Every child who needs a mentor
                           should have a mentor.

September is Attendance Awareness Month

Reducing absenteeism is a simple, cost-effective, but often overlooked strategy for improving academic performance. Starting as early as preschool and kindergarten,
chronic absence-missing 10 percent of the academic year-can leave third graders unable to read proficiently, sixth graders struggling with coursework and high school students off track for graduation. 

We also know that mentoring plays an important role in improving attendance. Research shows that:
  • Students who meet regularly with their mentors are 52% less likely than their peers to skip a day of school.
  • Students who meet regularly with their mentors are 37% less likely than their peers to skip a class.
  • Students at-risk for not graduating were 36% more likely to aspire to enroll in and graduate from college if they had a mentor.
Check out the toolkit for more strategies and ways to get involved.

New Elements of Effective Practice for Mentoring™ Released for Programs

MENTOR: The National Mentoring Partnership (MENTOR) is pleased to announce The Elements of Effective Practice for Mentoring™, Fourth Edition is now available for download. MENTOR's cornerstone publication, the Elements of Effective Practice for Mentoring, details research-informed and practitioner-approved standards for creating and sustaining quality youth mentoring programs and consequently, impactful mentoring relationships. The Fourth Edition, released in September 2015, reflects the most up-to-date research, practice, and thinking in the mentoring field. 

Click here to check out the newly released Elements of Effective Practice for Mentoring™, as well as additional tools, templates, and advice for building or maintaining a quality mentoring program.  

Apply for Free Technical Assistance

Are you looking to enhance your mentoring program practices? VMP provides customized consultation to assess and strengthen four key program areas: design, operations, management, and evaluation.  VMP serves as the technical assistance provider for the region. This resource is provided by OJJDP and managed by MENTOR: The National Mentoring Partnership. To receive these services, click here to fill out a request.

Questions? Email Director of Programs Rose Marie Wiegandt.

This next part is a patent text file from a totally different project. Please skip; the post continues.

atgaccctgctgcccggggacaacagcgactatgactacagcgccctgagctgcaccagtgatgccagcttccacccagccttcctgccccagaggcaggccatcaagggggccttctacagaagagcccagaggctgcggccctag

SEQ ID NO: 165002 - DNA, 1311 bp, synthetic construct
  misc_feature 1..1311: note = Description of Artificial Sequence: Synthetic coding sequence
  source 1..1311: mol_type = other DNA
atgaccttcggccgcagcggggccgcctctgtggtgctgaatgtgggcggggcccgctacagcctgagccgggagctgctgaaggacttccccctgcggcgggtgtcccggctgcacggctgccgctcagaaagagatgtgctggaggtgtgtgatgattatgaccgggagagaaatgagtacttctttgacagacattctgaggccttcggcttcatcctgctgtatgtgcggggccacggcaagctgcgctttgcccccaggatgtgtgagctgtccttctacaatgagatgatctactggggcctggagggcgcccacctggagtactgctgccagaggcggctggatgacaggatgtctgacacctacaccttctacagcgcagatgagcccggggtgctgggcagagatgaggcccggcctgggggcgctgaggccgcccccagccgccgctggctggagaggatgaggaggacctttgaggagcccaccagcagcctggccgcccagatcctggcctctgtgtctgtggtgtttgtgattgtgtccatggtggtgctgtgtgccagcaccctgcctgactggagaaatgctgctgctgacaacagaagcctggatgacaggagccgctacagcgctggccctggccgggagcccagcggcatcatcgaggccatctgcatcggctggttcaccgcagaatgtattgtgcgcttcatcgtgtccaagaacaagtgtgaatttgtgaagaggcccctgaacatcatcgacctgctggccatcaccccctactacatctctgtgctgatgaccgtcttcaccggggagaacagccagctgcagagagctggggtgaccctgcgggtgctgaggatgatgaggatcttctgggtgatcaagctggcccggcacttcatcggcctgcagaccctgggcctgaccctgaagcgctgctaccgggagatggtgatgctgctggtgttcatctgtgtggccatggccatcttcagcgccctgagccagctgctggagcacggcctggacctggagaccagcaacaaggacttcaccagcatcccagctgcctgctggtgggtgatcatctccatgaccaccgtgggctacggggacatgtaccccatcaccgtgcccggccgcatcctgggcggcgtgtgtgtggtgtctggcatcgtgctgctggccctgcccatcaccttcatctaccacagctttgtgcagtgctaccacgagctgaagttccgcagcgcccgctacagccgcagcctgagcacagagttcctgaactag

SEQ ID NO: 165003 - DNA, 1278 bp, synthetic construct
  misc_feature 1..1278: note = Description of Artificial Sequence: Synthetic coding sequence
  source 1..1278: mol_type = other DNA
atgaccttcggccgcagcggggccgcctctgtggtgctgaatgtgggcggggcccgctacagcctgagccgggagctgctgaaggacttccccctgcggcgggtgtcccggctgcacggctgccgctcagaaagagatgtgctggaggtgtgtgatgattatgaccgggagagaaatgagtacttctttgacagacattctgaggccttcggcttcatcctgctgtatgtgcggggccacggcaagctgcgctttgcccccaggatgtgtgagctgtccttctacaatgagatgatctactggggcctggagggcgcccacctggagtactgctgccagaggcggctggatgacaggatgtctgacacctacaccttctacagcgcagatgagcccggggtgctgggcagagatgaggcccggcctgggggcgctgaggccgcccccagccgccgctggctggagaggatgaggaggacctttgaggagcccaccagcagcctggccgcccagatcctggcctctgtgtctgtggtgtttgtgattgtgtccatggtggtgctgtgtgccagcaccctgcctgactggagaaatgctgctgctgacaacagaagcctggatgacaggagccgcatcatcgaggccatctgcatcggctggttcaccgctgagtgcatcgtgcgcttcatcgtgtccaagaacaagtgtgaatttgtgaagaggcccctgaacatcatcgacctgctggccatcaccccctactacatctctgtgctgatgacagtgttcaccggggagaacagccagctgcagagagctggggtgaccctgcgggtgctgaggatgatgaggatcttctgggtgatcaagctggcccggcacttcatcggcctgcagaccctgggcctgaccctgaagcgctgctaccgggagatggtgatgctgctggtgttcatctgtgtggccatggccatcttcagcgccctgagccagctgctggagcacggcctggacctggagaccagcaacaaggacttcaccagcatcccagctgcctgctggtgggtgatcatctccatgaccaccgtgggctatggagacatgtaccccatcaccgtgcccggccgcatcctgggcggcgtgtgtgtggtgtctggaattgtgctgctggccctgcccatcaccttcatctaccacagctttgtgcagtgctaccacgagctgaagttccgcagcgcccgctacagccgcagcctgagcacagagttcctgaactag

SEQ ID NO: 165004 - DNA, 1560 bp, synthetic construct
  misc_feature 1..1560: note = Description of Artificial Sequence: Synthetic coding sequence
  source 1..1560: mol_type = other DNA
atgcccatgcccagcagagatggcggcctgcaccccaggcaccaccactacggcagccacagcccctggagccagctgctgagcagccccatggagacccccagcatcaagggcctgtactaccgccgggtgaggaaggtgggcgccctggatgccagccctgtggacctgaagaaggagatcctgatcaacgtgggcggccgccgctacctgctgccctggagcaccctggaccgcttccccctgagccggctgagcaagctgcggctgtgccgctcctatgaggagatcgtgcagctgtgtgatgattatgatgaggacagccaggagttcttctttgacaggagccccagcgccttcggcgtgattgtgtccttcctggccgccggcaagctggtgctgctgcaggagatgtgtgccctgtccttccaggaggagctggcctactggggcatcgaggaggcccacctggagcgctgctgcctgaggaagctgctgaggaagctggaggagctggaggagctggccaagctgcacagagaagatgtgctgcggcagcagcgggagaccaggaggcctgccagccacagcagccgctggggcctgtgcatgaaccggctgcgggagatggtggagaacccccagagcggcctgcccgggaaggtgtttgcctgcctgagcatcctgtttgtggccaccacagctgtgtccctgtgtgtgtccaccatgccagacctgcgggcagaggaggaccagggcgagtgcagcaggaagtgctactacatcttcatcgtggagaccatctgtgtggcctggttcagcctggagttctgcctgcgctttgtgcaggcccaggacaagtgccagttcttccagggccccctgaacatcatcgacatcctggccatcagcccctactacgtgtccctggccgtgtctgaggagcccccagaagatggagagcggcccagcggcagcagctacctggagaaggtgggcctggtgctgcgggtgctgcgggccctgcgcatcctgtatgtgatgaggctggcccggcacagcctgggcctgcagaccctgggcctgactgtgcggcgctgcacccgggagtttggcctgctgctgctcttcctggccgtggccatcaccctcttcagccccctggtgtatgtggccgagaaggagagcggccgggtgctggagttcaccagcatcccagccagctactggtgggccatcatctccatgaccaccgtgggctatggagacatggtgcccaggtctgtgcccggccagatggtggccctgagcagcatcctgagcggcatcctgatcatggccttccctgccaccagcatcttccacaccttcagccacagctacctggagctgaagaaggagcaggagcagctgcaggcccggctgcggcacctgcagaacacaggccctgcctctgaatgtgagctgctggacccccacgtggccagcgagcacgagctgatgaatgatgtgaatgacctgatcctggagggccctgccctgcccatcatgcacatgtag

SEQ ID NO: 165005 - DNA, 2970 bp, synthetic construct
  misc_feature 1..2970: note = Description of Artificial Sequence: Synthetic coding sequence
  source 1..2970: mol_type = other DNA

Link to Learning
Research indicates that mentoring relationships have a positive impact on not only young people but also volunteers. Check out this article promoting the benefits of volunteering and charitable giving.

See more research from the Chronicle of Evidence-Based Mentoring.
Amazing Raise Support Exceeds $12,000

On behalf of VMP's staff and board, we want to extend a sincere thank you to our supporters during the Amazing Raise. By the close of 36 hours, we collected $8,675 in gifts and secured $3,500 in grant prizes. 

Your support allows us to continue to provide the training, one-on-one consultation, and quality assurance necessary to educate, strengthen, and build capacity for mentoring programs and volunteers state-wide. Your donation will help ensure that more children in Richmond and throughout Virginia have access to high quality, sustainable mentoring relationships. 

Thank you again to our Amazing Raise donors for their generous support of these efforts. Miss the Amazing Raise, but still want to support VMP's work? Click here to donate to VMP's 2015 Annual Fund. 

Upcoming Trainings:
Make sure your program's mentors feel well informed and prepared for any challengesSee our upcoming training schedule here. To request an on-site training for mentors, click here.

Cultural Competency Training:
October 8th, 9am-1pm

In today's global society, to be most effective, professionals and service providers must be able to recognize various elements and aspects of culture, and how these impact individuals and groups. This interactive workshop, led by Steve Hixon, engages participants in learning how to integrate cultural knowledge, skills, and abilities into work practice, towards becoming more culturally competent and enhancing the overall quality of services provided.